Picture of Steampunk Brass Goggles 101. The right way done wrong.
What follows is the 'right way' to make Steampunk goggles. I am showing off the basic method and not walking through the build of a finished set of goggles. When you get to the end of this instructable you will still have a bit of design work and construction to do. But you will have the skills to do them.

This is the method (more or less) employed by the magnificent Gogglerman in many of his designs. In some areas this method is even an improvement. I do not pretend that my finished product is anywhere near the same league as Gogglerman. The man is a true artist; a savant even in the way he solves design problems.

But where the master shows off his work he does not like to spend time explaining his process. Many who comment on Gogglerman's work complain (rather aggressively) that he does not give step by step instructions on how to make what he's showing. I intend, only, to fill that void.

This is my first instructable, so constructive criticism is, of course, welcome.

Keep in mind please, I am an artificer not an artist. The techniques I describe can be used with greater skill and creativity than I possess to create works of art. They are employed by myself only to solve a problem and the final product is often aesthetically inelegant. 
bianca2672 years ago
Hey, these are awesome. You should check out monsterslayer.com for copper or brass sheet metal. Not very expensive at all.

Excellent job! I was able to follow and understand the detailed instructions & pictures without any problem, and I have never made goggles.

I really like that you explained the merits and disadvantages of various techniques and materials used along the way.
ArtificerMade (author)  CatTrampoline3 years ago
I'm glad you got some value out of it.

I've made a companion video to demonstrate the brazing process. It's more of an illustration than instruction but it really shows how easy it is to do. Start to finish, all of 2 minutes to braze a joint.

gogglerman3 years ago
Connection method you suggested, more complex than mine. A lot of markup, more complex processing and more visible seam (I thought). Of course, it is more robust than mine. :)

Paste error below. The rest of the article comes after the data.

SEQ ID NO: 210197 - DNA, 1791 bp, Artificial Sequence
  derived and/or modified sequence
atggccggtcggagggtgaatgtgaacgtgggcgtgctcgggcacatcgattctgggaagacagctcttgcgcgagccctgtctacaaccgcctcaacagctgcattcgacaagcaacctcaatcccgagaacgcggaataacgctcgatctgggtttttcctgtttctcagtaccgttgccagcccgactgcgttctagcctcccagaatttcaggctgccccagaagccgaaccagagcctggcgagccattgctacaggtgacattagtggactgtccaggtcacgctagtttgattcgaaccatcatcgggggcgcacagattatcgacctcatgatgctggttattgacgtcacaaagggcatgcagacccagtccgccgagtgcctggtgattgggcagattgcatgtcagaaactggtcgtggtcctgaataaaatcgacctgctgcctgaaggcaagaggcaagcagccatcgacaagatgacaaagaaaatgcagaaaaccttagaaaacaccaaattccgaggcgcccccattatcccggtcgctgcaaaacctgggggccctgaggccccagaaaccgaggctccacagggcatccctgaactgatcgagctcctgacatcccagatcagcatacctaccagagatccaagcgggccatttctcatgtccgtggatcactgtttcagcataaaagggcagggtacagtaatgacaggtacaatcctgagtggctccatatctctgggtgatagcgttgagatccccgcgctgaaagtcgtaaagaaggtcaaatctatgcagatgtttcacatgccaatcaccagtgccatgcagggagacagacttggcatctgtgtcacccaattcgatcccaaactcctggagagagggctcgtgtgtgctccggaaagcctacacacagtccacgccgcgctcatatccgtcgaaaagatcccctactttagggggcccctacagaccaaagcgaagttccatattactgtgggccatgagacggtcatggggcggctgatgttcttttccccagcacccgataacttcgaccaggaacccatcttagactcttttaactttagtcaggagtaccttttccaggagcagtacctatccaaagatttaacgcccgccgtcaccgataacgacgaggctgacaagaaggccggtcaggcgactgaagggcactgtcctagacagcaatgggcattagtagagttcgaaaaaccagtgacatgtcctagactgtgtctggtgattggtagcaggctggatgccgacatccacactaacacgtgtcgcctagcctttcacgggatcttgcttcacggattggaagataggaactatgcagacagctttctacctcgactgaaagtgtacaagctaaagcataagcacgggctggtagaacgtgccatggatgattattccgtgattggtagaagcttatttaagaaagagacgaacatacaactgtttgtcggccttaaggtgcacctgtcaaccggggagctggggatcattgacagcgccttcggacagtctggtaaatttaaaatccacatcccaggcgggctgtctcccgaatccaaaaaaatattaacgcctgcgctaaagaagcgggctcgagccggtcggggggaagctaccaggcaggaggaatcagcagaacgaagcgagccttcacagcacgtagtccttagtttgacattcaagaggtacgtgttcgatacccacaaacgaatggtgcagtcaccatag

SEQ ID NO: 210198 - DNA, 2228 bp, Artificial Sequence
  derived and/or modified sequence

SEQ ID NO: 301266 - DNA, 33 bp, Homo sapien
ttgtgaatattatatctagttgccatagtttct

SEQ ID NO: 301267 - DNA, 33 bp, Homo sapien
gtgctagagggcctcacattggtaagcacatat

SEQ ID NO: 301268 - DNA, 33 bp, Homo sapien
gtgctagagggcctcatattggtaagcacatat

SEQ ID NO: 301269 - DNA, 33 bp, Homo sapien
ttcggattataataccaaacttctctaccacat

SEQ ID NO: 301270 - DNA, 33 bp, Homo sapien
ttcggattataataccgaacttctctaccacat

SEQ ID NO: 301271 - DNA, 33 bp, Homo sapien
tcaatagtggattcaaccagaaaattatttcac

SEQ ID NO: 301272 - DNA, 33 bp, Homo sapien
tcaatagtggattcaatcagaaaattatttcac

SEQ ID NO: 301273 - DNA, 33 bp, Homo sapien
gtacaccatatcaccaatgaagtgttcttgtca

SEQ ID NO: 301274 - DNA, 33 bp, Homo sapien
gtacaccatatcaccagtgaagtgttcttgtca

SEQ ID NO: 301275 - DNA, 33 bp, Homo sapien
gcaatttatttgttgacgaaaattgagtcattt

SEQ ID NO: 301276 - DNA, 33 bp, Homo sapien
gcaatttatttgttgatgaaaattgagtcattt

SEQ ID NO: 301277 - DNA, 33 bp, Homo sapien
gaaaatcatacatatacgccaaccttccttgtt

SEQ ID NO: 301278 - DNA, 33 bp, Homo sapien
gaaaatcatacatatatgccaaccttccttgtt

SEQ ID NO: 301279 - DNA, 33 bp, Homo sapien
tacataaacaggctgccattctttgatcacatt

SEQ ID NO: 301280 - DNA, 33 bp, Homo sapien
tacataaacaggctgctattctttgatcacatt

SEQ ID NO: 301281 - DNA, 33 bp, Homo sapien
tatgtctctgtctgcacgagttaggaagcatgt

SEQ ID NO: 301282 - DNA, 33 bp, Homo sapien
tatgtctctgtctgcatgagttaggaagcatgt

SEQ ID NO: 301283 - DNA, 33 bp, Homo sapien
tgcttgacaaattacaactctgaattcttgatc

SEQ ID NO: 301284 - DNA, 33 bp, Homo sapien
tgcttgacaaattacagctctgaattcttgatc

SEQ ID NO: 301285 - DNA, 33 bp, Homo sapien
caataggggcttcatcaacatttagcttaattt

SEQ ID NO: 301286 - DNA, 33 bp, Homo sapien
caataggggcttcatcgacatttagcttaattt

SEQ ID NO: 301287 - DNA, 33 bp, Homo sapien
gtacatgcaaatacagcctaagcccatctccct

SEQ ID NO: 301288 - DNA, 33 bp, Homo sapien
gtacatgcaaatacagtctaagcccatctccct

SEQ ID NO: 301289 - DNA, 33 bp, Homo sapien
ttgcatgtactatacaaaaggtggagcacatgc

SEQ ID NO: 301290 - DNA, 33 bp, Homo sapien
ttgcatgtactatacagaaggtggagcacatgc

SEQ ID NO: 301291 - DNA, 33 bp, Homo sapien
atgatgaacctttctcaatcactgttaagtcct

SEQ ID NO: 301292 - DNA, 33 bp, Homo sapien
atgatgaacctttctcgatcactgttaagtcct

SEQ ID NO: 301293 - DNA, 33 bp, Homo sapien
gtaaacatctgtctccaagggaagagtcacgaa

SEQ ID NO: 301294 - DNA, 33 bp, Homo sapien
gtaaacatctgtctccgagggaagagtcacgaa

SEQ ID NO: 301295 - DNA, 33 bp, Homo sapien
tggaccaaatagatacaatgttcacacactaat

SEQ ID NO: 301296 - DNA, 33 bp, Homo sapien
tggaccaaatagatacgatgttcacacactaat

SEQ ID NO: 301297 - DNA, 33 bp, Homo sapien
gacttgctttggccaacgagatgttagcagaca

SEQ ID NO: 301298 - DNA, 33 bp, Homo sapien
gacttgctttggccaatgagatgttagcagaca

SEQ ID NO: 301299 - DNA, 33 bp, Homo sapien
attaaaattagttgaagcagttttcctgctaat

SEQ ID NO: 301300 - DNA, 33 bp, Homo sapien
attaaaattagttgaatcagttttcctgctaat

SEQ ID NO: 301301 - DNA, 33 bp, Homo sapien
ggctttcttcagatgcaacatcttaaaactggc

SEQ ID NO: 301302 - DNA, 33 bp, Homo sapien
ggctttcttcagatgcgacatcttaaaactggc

In addition, you use copper, which has greater plasticity than brass. Methods of processing of these metals differ from each other. However, you have created detailed instructions that can be called a model in some sense. Thank you for sharing your work. I wish you luck in continuing your valuable projects.
ArtificerMade (author)  gogglerman3 years ago
The seam is visible because I am a hack.

I am certain that if you used that method, the finished seam would be invisible. I have seen it used with that result.

When annealed the Copper is soft like a lead sheet, but it work hardens up. Compare the properties of copper and brass at http://www.matweb.com and you see a broad overlap of their physical strength measurements. Once built, the process of polishing them will work harden the skin of the copper to a high degree of hardness.

Put it this way, I (220 lbs) can stand on these goggles without crushing the eye-cups.

I like copper because it's easier to get and a little easier to shape, but my method works just as well with brass stock or nickel-silver stock. Or gold or silver sheet for that matter. Cold-forming one of these metals is pretty much like any of the others.

I think the main difference is my use of hard solder.

I find it has a higher tolerance for sloppy work. Truly, if you craft a perfect joint so that the two metals meet each other perfectly well, soft solder like plumbers tin (or tin/lead, or 'silver-bearing soft solder) will create a joint that is as strong as the base metals being joined. But if there are any gaps then the strength of the joint is reduced to the strength of the solder, and tin or lead is not terribly strong.

With hard solder, gaps are filled with a copper-silver allow that is as hard as any other part of the piece.

I think I will make a video of the hard soldering process. People assume that it must be hard to do because it takes more heat. But really, the torch does all the work of providing that extra heat. :-)